Limited Patient Care Access

As noted above, provider burnout is resulting in more providers cutting down their practice hours or even entering early retirement.

Just about half of all physicians experience at least one symptom of burnout, according to 2015 data from the Mayo Clinic.

READ MORE: Understanding Physician Shortage Issues, Patient Care Access

These providers are considering leaving the medical industry as a result of burnout, according to a 2016 report from the Physician’s Foundation.

Forty-eight percent of physicians plan on cutting out of the medical industry in coming years. Doctors are considering cutting back their hours, entering early retirement, taking a non-clinical job, or switching to concierge medicine to reduce the feelings of burnout.

“Many physicians are dissatisfied with the current state of medical practice and are starting to opt out of traditional patient care roles,” Walker Ray, MD, President of the Physicians Foundation and chair of its Research Committee, said of the findings.

“By retiring, taking non-clinical roles or cutting back in various other ways, physicians are essentially voting with their feet and leaving the clinical workforce,” Ray added. “This trend is to the detriment of patient access. It is imperative that all healthcare stakeholders recognize and begin to address these issues more proactively, to support physicians and enhance the medical practice environment.”

How can organizations support providers?

An industry filled with overworked employees who run the risk of making medical errors or who are poised to exit the profession is not sustainable. Medical industry leaders must find a way to address provider shortages to ensure better patient access to quality care.

In a 2017 Health Affairs blog post, executives from 11 large healthcare institutions said the onus is on them, as organization leaders, to address provider burnout.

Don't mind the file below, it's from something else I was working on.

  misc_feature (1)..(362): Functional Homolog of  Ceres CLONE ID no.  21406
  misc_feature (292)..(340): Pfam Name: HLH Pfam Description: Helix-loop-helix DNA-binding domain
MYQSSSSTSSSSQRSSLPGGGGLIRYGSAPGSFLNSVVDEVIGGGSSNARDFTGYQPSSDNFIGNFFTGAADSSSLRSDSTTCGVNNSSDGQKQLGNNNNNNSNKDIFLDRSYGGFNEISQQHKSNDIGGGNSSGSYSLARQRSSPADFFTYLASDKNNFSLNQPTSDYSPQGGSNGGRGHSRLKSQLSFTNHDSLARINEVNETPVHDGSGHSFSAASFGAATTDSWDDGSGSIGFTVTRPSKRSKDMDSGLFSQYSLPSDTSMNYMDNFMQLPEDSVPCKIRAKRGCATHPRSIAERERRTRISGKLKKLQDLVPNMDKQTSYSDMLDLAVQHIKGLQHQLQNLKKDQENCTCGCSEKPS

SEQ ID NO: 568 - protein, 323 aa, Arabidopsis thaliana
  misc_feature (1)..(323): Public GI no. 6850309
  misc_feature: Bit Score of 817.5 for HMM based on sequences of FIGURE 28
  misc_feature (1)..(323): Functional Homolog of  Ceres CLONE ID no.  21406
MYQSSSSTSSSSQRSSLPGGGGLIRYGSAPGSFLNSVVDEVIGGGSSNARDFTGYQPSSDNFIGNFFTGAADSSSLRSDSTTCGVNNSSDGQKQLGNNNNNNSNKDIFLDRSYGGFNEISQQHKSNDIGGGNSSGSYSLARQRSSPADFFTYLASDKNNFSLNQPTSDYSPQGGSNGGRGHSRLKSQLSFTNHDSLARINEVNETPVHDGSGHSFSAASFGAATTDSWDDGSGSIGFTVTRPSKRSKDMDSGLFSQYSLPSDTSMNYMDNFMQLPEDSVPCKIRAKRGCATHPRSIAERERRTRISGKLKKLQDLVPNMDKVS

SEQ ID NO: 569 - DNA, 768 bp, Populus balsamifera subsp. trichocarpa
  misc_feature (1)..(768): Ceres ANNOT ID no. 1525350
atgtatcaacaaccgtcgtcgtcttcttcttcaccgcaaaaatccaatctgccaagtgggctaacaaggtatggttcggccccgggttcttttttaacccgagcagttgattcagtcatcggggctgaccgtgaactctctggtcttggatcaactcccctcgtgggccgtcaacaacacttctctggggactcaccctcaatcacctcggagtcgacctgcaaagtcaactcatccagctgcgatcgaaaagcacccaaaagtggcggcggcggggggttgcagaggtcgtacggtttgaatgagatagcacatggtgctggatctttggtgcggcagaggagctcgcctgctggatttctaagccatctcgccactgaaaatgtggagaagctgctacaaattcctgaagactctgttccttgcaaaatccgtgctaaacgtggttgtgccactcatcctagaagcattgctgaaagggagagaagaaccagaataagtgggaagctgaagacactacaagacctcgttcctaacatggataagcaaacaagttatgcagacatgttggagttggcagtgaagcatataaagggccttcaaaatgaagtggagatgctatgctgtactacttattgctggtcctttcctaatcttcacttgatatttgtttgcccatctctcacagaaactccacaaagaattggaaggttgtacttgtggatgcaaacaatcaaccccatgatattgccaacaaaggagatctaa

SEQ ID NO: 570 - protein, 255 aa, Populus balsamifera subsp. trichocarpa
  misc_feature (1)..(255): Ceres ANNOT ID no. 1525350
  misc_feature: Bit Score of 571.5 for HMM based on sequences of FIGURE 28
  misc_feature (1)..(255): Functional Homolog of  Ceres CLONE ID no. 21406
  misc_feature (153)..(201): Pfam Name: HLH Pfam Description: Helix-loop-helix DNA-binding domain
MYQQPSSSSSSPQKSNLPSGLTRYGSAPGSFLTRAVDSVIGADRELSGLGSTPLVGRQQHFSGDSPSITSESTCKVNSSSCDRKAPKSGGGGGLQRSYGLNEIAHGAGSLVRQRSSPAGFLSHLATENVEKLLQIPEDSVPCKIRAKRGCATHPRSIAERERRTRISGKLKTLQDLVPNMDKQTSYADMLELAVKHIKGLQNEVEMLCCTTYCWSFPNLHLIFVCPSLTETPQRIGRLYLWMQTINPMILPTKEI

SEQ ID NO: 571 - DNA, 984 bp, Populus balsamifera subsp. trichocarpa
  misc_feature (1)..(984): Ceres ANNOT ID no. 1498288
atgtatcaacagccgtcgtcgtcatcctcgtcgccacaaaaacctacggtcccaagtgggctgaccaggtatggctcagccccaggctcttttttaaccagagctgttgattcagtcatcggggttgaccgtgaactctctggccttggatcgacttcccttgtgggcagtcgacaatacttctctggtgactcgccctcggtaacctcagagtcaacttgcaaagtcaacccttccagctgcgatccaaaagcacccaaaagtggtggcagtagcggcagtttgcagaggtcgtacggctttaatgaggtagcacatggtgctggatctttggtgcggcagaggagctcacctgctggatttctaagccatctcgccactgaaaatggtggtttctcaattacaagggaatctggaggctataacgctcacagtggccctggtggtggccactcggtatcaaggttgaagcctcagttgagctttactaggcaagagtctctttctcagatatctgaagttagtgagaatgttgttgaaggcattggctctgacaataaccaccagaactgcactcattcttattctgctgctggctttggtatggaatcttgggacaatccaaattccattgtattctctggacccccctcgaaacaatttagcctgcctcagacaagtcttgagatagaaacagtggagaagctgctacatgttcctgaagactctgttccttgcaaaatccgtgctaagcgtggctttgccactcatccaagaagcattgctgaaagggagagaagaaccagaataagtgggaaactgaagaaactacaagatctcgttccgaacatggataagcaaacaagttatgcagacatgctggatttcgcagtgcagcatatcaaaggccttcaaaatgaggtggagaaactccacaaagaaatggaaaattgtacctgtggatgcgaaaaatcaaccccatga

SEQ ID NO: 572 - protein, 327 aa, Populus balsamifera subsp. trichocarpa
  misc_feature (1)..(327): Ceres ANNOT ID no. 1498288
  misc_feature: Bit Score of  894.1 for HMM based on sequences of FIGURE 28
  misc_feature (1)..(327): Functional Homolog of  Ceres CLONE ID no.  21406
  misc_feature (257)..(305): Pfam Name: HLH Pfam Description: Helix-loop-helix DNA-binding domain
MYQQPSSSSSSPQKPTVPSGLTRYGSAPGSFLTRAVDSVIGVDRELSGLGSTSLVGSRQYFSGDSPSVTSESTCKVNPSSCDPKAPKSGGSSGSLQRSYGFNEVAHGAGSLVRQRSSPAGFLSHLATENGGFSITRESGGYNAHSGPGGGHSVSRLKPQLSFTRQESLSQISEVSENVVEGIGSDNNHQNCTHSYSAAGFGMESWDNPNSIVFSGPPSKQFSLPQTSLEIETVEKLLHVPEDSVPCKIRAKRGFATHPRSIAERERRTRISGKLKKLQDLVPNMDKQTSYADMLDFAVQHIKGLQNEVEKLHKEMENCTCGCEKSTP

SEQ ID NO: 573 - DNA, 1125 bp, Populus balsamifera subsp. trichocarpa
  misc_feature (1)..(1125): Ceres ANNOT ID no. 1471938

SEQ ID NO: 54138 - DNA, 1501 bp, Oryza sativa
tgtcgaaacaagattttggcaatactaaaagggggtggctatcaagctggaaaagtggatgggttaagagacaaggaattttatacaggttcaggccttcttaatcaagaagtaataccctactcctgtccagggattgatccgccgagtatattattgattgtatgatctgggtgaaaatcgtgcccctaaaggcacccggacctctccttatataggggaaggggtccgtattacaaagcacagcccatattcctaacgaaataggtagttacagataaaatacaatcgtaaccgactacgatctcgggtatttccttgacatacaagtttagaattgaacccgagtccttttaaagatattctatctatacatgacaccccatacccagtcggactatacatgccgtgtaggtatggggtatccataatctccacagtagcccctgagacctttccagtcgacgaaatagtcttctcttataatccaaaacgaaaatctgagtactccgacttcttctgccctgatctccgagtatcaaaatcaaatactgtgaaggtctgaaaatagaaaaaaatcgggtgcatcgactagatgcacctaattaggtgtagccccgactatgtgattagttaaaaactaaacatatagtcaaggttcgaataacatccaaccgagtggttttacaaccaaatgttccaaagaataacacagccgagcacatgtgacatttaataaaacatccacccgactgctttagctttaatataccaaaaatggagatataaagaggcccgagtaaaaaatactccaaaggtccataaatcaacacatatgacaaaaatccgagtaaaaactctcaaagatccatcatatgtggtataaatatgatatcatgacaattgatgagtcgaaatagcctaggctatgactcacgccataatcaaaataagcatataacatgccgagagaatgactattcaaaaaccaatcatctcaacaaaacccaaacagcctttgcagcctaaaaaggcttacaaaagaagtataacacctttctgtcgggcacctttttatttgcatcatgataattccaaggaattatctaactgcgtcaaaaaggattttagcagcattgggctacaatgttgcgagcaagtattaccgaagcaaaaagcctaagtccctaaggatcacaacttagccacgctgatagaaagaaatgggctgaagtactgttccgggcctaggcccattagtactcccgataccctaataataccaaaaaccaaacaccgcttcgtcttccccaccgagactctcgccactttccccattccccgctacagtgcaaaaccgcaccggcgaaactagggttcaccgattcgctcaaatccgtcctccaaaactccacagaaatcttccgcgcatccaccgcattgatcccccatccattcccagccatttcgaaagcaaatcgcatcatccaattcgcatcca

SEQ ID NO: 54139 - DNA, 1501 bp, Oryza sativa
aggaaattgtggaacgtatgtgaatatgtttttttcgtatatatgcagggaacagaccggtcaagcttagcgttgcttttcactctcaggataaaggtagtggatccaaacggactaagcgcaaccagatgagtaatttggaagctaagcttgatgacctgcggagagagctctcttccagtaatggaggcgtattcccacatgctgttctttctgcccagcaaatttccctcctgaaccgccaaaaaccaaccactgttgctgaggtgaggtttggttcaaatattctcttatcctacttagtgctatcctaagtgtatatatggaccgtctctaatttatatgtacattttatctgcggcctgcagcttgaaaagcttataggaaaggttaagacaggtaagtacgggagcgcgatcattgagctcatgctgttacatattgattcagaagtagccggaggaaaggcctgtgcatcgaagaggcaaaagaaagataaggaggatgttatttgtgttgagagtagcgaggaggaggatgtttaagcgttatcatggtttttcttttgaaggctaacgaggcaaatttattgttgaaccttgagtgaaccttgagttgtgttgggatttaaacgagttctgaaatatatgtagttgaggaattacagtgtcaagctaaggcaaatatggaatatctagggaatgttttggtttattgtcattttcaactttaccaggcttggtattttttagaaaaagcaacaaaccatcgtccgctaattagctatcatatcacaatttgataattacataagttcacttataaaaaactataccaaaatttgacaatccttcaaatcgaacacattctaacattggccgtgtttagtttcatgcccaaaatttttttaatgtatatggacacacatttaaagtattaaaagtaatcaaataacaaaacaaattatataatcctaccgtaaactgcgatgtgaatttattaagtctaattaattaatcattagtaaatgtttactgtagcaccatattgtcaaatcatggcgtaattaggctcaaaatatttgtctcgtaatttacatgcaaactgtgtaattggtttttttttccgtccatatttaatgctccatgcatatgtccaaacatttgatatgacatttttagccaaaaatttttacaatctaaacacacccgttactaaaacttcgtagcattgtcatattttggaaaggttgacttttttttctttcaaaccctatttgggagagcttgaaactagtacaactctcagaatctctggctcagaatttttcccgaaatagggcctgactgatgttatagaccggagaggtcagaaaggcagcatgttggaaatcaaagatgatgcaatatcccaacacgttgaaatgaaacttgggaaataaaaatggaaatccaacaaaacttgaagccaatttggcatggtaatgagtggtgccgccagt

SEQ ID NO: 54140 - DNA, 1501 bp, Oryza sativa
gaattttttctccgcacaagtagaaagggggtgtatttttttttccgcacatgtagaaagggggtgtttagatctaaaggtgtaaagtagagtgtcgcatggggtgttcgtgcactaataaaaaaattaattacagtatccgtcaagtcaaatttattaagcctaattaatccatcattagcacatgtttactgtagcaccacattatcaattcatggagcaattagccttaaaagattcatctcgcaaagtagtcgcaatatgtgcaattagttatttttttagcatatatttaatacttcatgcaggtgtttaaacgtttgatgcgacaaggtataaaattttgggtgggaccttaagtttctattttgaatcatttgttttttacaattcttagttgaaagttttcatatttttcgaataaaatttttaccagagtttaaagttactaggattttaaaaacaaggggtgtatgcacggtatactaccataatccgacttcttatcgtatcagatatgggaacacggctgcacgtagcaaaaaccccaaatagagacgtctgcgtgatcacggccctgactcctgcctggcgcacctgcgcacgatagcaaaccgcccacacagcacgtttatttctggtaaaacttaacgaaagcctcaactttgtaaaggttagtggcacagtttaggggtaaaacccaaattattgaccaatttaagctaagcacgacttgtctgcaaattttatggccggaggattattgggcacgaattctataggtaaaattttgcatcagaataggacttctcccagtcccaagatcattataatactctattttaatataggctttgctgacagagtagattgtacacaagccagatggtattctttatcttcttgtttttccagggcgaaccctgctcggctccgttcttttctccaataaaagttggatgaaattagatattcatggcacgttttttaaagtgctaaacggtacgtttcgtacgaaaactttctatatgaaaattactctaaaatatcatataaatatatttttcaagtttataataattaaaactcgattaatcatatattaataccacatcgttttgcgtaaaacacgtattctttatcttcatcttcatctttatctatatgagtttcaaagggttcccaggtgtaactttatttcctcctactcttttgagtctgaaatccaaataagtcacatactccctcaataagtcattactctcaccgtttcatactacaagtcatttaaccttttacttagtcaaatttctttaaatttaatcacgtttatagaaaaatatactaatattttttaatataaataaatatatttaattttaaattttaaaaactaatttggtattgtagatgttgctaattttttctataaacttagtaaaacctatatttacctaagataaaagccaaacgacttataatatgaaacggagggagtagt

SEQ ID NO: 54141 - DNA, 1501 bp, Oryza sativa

“Leadership is needed to address the root causes of this problem and reposition the health care workforce for the future,” wrote the CEOs of leading institutions such as the Mayo Clinic, the AMA, the Cleveland Clinic, Vanderbilt University Hospitals and Clinics, Southern California Permanente Medical Group, Sutter Health, Johns Hopkins Health System and the School of Medicine, Duke University Hospital, Atrius Health, Partners HealthCare, and Northwestern Memorial HealthCare.

“As leaders, we must recognize burnout in physicians and other health care workers as a serious problem and respond vigorously. This is especially true if we want to maximize the effectiveness, productivity, and longevity of clinicians.”

The leaders highlighted the importance of addressing the mental and emotional needs of providers, the toll evolving technology takes on providers, and continuous evaluation of provider well-being.

A separate paper published in the Journal of Internal Medicine outlined various organization-level changes that can help preserve providers’ wellbeing. Fair productivity targets, duty hour limits, appropriate job roles and functions, ample support staff, better work-life balance, physician engagement initiatives, and revamped organizational values are potential solutions to growing provider burnout.

As medical professionals continue to face an onslaught of industry demands, the risk of provider burnout is likely not going away. Organizations must consider best practices for their provider populations to foster wellbeing and encourage more engagement with their jobs. In doing so, organizations can work to preserve a positive patient experience and better care quality.